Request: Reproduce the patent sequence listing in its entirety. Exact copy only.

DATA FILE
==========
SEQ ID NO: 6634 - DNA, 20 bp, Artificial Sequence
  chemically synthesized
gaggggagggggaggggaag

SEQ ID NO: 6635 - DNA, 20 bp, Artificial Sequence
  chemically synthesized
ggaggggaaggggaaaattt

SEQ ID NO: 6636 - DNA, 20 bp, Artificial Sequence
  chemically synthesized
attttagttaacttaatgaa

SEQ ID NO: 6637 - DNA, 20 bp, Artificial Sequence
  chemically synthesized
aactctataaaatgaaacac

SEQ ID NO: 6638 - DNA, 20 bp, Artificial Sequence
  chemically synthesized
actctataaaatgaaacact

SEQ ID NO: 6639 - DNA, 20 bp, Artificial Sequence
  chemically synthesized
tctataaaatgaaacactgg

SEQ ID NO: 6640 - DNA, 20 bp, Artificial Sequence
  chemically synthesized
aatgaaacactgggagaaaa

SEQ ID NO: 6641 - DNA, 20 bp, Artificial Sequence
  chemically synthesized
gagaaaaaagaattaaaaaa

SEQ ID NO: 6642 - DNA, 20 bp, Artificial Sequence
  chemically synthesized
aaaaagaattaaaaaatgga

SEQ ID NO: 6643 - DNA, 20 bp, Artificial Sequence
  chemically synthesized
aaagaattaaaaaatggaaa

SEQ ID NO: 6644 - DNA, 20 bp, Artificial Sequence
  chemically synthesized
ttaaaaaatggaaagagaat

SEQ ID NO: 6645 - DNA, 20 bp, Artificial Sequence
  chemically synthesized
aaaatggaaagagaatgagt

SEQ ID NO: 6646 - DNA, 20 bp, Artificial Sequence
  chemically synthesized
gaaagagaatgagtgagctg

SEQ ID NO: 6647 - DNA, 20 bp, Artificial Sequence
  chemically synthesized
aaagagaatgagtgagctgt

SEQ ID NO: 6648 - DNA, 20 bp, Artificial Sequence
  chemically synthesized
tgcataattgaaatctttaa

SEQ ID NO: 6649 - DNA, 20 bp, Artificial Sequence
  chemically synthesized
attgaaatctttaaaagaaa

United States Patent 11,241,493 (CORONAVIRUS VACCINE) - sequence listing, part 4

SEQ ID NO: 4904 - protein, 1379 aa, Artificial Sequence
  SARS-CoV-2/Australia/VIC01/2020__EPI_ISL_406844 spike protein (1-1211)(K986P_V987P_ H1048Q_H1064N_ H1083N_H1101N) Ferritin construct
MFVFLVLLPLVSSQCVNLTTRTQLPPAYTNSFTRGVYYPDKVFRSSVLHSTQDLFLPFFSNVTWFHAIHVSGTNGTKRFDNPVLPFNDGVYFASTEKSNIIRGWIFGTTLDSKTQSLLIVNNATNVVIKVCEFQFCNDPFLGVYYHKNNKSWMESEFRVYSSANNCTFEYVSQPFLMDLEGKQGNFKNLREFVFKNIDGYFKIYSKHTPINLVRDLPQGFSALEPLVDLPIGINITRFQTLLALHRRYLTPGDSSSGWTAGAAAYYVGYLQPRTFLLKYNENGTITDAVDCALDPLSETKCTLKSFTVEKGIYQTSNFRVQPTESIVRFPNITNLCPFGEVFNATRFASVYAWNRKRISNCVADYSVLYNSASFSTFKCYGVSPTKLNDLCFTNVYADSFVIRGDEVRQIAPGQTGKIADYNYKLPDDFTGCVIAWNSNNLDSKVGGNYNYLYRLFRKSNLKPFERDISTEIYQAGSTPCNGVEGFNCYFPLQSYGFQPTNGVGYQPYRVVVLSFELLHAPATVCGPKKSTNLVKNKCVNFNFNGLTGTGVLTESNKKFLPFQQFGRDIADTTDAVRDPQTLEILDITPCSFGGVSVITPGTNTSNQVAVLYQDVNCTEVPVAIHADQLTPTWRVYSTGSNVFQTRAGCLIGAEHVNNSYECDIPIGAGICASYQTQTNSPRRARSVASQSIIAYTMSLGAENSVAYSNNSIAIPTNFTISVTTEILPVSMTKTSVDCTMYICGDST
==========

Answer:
SEQ ID NO: 6634 - DNA, 20 bp, Artificial Sequence
  chemically synthesized
gaggggagggggaggggaag

SEQ ID NO: 6635 - DNA, 20 bp, Artificial Sequence
  chemically synthesized
ggaggggaaggggaaaattt

SEQ ID NO: 6636 - DNA, 20 bp, Artificial Sequence
  chemically synthesized
attttagttaacttaatgaa

SEQ ID NO: 6637 - DNA, 20 bp, Artificial Sequence
  chemically synthesized
aactctataaaatgaaacac

SEQ ID NO: 6638 - DNA, 20 bp, Artificial Sequence
  chemically synthesized
actctataaaatgaaacact

SEQ ID NO: 6639 - DNA, 20 bp, Artificial Sequence
  chemically synthesized
tctataaaatgaaacactgg

SEQ ID NO: 6640 - DNA, 20 bp, Artificial Sequence
  chemically synthesized
aatgaaacactgggagaaaa

SEQ ID NO: 6641 - DNA, 20 bp, Artificial Sequence
  chemically synthesized
gagaaaaaagaattaaaaaa

SEQ ID NO: 6642 - DNA, 20 bp, Artificial Sequence
  chemically synthesized
aaaaagaattaaaaaatgga

SEQ ID NO: 6643 - DNA, 20 bp, Artificial Sequence
  chemically synthesized
aaagaattaaaaaatggaaa

SEQ ID NO: 6644 - DNA, 20 bp, Artificial Sequence
  chemically synthesized
ttaaaaaatggaaagagaat

SEQ ID NO: 6645 - DNA, 20 bp, Artificial Sequence
  chemically synthesized
aaaatggaaagagaatgagt

SEQ ID NO: 6646 - DNA, 20 bp, Artificial Sequence
  chemically synthesized
gaaagagaatgagtgagctg

SEQ ID NO: 6647 - DNA, 20 bp, Artificial Sequence
  chemically synthesized
aaagagaatgagtgagctgt

SEQ ID NO: 6648 - DNA, 20 bp, Artificial Sequence
  chemically synthesized
tgcataattgaaatctttaa

SEQ ID NO: 6649 - DNA, 20 bp, Artificial Sequence
  chemically synthesized
attgaaatctttaaaagaaa

United States Patent 11,241,493 (CORONAVIRUS VACCINE) - sequence listing, part 4

SEQ ID NO: 4904 - protein, 1379 aa, Artificial Sequence
  SARS-CoV-2/Australia/VIC01/2020__EPI_ISL_406844 spike protein (1-1211)(K986P_V987P_ H1048Q_H1064N_ H1083N_H1101N) Ferritin construct
MFVFLVLLPLVSSQCVNLTTRTQLPPAYTNSFTRGVYYPDKVFRSSVLHSTQDLFLPFFSNVTWFHAIHVSGTNGTKRFDNPVLPFNDGVYFASTEKSNIIRGWIFGTTLDSKTQSLLIVNNATNVVIKVCEFQFCNDPFLGVYYHKNNKSWMESEFRVYSSANNCTFEYVSQPFLMDLEGKQGNFKNLREFVFKNIDGYFKIYSKHTPINLVRDLPQGFSALEPLVDLPIGINITRFQTLLALHRRYLTPGDSSSGWTAGAAAYYVGYLQPRTFLLKYNENGTITDAVDCALDPLSETKCTLKSFTVEKGIYQTSNFRVQPTESIVRFPNITNLCPFGEVFNATRFASVYAWNRKRISNCVADYSVLYNSASFSTFKCYGVSPTKLNDLCFTNVYADSFVIRGDEVRQIAPGQTGKIADYNYKLPDDFTGCVIAWNSNNLDSKVGGNYNYLYRLFRKSNLKPFERDISTEIYQAGSTPCNGVEGFNCYFPLQSYGFQPTNGVGYQPYRVVVLSFELLHAPATVCGPKKSTNLVKNKCVNFNFNGLTGTGVLTESNKKFLPFQQFGRDIADTTDAVRDPQTLEILDITPCSFGGVSVITPGTNTSNQVAVLYQDVNCTEVPVAIHADQLTPTWRVYSTGSNVFQTRAGCLIGAEHVNNSYECDIPIGAGICASYQTQTNSPRRARSVASQSIIAYTMSLGAENSVAYSNNSIAIPTNFTISVTTEILPVSMTKTSVDCTMYICGDST